In commemoration of the sesquicentennial anniversary of President Lincoln’s death and then, two years later, of the founding of the University of Illinois, the U. of I. College of Law will host “The New Lincoln Lectures: What Abraham Lincoln Means to the 21st Century,” a series of several lectures to be held in 2016 and 2017. The lectures will feature luminaries in various fields related to law, government and history who will reflect on Lincoln’s legacy and its continuing relevance – both in their individual lives and the life of the nation – 150 years after his death.
Investigative reporter, presidential authority and nonfiction author Bob Woodward will deliver the inaugural lecture at 7 p.m. Jan. 26 at Foellinger Auditorium. Woodward has worked for The Washington Post since 1971, first as a reporter and now an associate editor. In 1972, Woodward and Carl Bernstein did much of the original reporting on the Watergate scandal, work that fueled government investigations and helped bring about the eventual resignation of President Richard Nixon. He has shared in two Pulitzer Prizes: in 1973, for the coverage of the Watergate scandal with Bernstein, and, in 2002, as the lead reporter for coverage of the 9/11 terrorist attacks. He has written or co-written 18 books, all of which have been national nonfiction best-sellers. Twelve of those have been No. 1 national best-sellers. His most recent book, “The Last of the President’s Men,” was published in October 2015. In 2004, Bob Schieffer of CBS News said, "Woodward has established himself as the best reporter of our time. He may be the best reporter of all time."
The second lecture, scheduled for 7 p.m. March 1 at Foellinger Auditorium, will feature award-winning newspaper columnist, author, political commentator and essayist George Will. Will’s newspaper column has been syndicated by The Washington Post since 1974, and today it appears twice weekly in more than 475 newspapers. For 35 years, he was a regular contributing editor of Newsweek magazine. In 1977, he won a Pulitzer Prize for commentary in his newspaper columns. Will has published three books on political theory, three books on baseball and a collection of his columns from Newsweek and The Washington Post. For 32 years, he was a panelist on ABC television’s “This Week” and in 2013, he became a contributor to Fox News’ daytime and primetime programming. Will was born in Champaign and graduated from University Laboratory High School in Urbana.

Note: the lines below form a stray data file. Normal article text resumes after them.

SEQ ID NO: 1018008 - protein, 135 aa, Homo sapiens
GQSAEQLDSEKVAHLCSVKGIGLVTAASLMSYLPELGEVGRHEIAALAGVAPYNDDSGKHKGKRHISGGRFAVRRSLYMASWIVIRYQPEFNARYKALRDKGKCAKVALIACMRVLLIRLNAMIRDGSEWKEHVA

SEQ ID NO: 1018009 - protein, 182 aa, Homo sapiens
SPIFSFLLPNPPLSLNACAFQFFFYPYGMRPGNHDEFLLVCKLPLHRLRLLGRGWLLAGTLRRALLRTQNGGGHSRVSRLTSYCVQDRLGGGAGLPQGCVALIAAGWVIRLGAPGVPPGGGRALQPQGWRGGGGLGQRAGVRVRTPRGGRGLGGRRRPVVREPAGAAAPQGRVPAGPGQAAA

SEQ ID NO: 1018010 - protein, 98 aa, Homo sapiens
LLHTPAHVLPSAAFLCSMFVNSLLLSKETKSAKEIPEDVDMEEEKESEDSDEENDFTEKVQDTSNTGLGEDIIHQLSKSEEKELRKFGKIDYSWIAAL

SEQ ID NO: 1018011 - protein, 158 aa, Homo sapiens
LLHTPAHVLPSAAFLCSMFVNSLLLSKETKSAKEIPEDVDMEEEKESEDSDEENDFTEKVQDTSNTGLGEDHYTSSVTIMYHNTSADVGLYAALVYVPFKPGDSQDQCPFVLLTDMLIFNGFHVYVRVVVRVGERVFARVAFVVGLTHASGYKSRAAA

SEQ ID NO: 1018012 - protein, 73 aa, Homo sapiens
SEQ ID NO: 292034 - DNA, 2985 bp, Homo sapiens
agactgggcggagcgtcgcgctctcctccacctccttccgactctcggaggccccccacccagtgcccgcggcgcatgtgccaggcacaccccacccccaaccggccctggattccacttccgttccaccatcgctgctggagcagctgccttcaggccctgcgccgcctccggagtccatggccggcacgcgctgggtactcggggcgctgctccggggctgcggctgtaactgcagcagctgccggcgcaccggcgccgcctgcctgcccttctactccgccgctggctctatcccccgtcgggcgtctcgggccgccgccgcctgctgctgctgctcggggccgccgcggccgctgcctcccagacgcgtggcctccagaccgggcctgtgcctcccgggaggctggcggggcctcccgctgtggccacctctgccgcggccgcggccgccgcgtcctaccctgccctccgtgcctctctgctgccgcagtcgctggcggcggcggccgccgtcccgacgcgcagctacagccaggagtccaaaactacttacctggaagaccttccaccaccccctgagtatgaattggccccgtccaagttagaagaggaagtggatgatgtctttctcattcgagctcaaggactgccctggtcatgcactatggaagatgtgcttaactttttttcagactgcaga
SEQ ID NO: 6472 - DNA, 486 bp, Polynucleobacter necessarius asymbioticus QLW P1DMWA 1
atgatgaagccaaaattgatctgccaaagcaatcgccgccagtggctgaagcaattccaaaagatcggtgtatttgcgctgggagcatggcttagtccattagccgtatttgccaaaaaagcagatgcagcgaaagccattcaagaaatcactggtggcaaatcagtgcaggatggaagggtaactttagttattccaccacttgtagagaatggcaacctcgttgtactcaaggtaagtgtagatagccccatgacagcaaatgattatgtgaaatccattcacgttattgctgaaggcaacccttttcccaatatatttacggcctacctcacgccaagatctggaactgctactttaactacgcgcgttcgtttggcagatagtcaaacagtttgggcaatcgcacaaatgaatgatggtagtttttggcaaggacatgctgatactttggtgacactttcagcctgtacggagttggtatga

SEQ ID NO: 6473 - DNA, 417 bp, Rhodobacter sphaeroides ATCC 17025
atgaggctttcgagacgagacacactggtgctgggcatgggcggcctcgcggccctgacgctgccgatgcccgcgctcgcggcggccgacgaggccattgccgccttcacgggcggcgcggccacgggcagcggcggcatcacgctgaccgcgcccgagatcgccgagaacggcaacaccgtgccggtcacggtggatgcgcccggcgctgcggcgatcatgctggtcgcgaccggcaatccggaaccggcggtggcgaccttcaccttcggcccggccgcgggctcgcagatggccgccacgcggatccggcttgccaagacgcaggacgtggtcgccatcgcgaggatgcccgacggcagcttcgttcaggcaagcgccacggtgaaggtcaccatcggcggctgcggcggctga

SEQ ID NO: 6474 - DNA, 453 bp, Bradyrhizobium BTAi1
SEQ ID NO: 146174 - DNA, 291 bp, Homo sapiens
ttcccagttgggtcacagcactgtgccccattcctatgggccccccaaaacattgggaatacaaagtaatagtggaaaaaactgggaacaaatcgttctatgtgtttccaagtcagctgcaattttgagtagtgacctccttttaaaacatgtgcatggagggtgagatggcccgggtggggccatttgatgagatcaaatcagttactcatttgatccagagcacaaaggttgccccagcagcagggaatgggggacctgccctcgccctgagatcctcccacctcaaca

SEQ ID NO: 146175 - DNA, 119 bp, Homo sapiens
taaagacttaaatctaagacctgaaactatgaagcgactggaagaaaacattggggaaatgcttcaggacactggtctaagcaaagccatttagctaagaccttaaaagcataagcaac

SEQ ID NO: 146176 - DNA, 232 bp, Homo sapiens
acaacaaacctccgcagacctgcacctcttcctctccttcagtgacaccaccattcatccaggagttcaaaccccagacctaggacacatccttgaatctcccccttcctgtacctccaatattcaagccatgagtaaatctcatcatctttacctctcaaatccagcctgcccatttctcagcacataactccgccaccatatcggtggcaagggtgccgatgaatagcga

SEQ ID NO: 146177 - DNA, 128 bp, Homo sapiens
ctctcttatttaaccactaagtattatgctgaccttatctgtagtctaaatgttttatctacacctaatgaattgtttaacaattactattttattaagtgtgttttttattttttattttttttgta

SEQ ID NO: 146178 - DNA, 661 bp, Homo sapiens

Yale Law School professor Stephen Carter will deliver the third lecture on a date yet to be determined. Carter is the William Nelson Cromwell Professor of Law at Yale Law School, where he has taught since 1982. Among his courses are law and religion, the ethics of war, contracts, evidence and professional responsibility. He has written books on law and politics, writes a column for Bloomberg View, and is a regular contributor to Newsweek, The Daily Beast and The Washington Post. Carter also writes fiction. His novel “The Emperor of Ocean Park” spent 11 weeks on The New York Times’ best-seller list. His novel “The Impeachment of Abraham Lincoln” was published in 2012. His novella “The Hereditary Thurifer” recently appeared in the crime anthology “The Dark End of the Street.” Carter was formerly a law clerk for Supreme Court Justice Thurgood Marshall, as well as for Judge Spottswood W. Robinson III, of the United States Court of Appeals for the District of Columbia Circuit. He is a graduate of Stanford University and Yale Law School and has received eight honorary degrees.
“I am thrilled and proud that the College of Law is assembling and presenting an ideologically diverse roster of the nation’s leading lights to help us remember and reflect on the ongoing importance of Abraham Lincoln, who many of us believe is the greatest lawyer in American history,” said Vikram Amar, the dean of the U. of I. College of Law. “It is particularly appropriate that these lectures take place under the auspices of the University of Illinois, a land-grant university created under a federal act Lincoln himself signed and located in his own home state.”
Several other lectures in the series will be announced as additional invitations are extended and accepted.
In lieu of an honorarium for each lecturer, a $5,000 scholarship for a selected College of Law student will be awarded. At the conclusion of the series, the college hopes to publish a compilation of the lectures in a book, targeted for a lay audience, which will be available for purchase at a relatively low cost during the university’s sesquicentennial celebration, with the proceeds used for College of Law scholarships.
The lectures are free and open to the public.